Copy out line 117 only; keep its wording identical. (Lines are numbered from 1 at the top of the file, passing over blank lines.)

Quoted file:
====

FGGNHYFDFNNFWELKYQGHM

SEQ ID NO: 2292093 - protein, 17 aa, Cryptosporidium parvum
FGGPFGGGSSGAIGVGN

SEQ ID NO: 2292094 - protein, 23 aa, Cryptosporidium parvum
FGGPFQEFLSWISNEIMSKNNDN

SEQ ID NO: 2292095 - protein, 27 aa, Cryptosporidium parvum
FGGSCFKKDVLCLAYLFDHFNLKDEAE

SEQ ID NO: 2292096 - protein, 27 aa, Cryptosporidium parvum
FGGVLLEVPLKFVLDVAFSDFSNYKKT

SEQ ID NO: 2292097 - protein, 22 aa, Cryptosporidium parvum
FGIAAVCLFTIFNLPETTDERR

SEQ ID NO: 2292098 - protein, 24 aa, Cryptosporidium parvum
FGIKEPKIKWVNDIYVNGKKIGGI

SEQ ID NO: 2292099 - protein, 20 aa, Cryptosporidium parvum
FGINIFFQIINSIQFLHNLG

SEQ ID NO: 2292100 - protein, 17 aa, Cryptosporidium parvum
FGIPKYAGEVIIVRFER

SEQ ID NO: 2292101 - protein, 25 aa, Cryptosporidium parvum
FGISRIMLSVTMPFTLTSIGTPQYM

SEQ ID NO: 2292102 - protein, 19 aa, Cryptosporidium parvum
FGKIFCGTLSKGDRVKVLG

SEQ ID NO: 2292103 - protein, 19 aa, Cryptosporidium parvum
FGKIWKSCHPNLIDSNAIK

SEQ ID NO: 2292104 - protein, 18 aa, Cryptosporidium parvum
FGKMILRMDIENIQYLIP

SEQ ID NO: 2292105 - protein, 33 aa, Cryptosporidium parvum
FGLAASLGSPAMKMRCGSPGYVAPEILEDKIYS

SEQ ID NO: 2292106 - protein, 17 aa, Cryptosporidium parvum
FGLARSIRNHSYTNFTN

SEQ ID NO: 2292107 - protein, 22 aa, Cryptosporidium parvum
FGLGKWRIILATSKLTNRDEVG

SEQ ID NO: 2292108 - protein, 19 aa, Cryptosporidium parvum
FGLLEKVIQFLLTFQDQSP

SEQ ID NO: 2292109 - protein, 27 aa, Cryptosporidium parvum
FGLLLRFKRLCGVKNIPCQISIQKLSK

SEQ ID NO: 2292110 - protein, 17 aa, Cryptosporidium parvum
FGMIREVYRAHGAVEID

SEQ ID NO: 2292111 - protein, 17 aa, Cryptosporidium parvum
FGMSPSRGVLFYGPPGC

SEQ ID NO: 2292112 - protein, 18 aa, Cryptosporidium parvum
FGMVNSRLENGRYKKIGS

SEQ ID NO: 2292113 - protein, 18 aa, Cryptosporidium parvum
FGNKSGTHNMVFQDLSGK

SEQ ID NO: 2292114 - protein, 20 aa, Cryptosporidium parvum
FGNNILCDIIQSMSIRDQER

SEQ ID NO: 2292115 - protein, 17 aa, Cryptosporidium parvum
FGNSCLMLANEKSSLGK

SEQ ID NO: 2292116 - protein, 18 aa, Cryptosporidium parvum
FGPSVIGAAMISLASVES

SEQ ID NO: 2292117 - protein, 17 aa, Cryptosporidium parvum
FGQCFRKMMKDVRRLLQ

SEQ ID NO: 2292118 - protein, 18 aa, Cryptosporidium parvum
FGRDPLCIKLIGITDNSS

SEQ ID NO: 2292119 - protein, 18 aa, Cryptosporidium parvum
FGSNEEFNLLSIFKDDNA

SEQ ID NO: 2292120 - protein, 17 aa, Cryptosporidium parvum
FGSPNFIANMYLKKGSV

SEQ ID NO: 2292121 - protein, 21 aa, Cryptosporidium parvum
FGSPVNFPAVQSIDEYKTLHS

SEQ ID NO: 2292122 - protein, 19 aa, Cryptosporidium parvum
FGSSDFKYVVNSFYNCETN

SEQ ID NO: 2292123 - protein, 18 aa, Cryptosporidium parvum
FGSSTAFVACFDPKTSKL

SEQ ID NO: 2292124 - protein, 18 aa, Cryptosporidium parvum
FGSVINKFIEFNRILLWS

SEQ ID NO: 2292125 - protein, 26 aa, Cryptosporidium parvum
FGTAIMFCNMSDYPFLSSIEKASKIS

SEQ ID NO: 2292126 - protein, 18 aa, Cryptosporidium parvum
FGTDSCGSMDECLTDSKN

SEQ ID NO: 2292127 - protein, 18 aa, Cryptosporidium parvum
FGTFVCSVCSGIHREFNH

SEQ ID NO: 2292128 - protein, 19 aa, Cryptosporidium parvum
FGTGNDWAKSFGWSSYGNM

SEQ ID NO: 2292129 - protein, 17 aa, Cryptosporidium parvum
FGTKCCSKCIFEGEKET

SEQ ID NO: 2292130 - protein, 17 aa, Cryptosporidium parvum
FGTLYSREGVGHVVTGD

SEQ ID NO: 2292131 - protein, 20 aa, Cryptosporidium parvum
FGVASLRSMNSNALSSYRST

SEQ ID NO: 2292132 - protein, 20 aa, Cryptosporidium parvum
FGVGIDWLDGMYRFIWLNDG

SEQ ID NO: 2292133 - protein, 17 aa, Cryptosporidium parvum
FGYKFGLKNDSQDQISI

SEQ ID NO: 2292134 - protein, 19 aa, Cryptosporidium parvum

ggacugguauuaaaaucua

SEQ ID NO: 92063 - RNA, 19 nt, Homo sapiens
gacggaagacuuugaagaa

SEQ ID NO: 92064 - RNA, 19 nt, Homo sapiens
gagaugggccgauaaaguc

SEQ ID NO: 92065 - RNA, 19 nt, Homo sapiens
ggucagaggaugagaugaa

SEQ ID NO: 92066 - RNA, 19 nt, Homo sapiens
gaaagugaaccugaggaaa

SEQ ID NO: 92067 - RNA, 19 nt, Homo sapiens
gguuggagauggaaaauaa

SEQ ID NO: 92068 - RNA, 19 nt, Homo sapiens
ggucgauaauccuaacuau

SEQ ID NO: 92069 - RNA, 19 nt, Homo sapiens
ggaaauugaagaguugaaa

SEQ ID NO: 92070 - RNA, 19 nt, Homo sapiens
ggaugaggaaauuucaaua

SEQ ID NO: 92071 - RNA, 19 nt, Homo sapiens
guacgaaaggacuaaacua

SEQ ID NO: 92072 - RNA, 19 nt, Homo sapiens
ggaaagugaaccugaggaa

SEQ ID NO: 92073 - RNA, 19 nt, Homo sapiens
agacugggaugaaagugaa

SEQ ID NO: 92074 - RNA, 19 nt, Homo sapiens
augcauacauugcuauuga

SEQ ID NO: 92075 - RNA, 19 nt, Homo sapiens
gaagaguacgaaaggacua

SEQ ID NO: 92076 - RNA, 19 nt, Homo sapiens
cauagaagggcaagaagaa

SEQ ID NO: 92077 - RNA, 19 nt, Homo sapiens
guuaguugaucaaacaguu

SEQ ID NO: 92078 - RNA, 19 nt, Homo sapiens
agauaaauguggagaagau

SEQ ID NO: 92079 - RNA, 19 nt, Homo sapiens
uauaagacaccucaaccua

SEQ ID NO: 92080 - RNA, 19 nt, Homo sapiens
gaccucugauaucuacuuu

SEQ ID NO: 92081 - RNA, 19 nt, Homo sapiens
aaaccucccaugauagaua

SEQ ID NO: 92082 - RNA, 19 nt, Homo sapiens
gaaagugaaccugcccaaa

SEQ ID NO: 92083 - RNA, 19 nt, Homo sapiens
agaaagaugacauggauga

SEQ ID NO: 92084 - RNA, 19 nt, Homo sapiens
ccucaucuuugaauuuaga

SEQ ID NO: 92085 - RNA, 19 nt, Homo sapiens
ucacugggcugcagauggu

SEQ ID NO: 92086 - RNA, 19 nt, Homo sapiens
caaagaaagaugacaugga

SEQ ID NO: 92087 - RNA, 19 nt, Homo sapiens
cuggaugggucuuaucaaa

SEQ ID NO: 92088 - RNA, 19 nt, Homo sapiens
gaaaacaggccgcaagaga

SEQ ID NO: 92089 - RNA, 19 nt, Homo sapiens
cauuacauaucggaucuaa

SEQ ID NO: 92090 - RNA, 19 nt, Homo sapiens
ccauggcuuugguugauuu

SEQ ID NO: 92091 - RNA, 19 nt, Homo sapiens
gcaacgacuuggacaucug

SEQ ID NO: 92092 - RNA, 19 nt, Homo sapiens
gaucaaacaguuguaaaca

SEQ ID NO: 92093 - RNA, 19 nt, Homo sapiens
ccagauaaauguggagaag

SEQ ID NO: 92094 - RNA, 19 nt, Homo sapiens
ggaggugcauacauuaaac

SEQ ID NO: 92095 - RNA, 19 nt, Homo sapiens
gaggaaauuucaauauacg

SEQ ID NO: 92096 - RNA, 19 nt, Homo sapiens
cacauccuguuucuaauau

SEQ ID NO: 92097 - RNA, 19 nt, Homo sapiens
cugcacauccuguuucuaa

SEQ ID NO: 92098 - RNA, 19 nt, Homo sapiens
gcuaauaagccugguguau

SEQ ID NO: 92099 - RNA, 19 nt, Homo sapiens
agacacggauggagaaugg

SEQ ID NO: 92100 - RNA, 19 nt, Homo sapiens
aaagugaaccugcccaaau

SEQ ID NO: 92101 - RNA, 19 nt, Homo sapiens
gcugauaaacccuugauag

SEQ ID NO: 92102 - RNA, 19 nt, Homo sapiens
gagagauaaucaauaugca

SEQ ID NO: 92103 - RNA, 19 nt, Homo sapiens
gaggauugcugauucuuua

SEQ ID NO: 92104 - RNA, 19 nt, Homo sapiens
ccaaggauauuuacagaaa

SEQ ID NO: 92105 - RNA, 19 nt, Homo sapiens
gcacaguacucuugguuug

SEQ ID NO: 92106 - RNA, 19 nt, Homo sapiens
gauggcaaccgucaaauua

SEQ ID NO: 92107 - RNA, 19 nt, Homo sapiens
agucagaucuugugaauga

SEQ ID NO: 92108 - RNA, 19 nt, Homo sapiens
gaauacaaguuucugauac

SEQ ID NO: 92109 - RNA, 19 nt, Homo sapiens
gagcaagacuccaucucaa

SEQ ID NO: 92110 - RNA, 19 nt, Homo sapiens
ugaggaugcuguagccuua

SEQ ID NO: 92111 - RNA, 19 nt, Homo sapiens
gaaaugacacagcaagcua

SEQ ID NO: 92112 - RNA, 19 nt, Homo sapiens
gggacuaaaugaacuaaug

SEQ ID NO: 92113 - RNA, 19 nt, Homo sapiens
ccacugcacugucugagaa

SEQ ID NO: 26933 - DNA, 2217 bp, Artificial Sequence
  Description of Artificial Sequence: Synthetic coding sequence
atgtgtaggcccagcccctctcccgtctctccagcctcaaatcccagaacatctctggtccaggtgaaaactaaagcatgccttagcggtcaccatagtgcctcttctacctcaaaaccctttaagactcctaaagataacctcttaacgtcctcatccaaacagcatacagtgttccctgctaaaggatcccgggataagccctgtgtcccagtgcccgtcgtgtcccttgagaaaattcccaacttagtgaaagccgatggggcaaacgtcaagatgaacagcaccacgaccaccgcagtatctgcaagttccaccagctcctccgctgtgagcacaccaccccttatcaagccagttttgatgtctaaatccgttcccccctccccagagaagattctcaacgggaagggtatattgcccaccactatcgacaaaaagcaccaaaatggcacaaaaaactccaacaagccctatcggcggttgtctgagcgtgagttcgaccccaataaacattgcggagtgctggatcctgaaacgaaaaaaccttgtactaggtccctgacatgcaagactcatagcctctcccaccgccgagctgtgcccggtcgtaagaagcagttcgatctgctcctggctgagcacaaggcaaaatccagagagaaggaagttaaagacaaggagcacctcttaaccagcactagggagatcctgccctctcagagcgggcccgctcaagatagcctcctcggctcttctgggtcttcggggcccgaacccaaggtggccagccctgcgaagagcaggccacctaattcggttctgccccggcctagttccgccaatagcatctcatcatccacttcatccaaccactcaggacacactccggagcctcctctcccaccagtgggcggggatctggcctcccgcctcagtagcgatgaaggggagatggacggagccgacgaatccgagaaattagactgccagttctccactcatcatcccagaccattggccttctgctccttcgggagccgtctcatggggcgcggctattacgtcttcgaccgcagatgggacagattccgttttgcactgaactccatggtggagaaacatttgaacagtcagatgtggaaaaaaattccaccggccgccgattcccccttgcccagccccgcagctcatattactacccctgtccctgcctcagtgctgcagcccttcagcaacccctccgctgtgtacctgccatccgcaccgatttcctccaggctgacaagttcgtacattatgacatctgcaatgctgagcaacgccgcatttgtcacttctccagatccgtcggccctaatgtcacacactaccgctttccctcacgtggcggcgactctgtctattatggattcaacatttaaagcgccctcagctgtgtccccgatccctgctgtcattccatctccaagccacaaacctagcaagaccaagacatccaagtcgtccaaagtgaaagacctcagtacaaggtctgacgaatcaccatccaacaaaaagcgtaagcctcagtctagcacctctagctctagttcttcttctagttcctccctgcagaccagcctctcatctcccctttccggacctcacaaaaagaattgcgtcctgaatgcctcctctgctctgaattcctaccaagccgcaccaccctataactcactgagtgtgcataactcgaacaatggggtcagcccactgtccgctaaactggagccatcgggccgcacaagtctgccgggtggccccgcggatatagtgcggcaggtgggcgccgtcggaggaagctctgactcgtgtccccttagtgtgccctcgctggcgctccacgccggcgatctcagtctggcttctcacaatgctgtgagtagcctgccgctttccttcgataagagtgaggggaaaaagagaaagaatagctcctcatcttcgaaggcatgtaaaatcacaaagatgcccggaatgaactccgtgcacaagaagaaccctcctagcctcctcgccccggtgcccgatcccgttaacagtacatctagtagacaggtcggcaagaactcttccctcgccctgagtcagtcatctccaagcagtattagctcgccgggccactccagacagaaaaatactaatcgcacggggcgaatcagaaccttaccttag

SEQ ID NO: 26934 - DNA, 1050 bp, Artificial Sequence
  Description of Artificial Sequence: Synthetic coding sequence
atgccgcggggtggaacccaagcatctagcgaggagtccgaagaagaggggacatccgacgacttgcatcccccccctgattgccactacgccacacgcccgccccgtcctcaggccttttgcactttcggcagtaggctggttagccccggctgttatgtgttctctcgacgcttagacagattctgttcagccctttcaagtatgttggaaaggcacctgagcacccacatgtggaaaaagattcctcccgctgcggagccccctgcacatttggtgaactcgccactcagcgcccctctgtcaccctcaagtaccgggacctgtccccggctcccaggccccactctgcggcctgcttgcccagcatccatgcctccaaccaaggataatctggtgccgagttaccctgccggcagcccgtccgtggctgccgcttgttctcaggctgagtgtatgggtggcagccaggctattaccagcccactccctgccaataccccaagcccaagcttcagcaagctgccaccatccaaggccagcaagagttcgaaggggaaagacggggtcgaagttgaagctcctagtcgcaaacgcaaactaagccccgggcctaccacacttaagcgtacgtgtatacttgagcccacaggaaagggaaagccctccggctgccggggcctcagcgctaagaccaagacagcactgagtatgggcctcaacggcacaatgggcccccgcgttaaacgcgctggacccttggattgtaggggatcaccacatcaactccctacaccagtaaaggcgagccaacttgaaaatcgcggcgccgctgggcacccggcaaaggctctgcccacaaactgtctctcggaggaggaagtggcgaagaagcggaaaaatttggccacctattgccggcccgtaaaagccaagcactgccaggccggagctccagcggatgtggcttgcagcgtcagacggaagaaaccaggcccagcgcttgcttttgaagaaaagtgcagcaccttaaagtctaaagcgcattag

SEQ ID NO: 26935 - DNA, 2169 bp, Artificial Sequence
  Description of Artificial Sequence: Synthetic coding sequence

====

agauaaauguggagaagau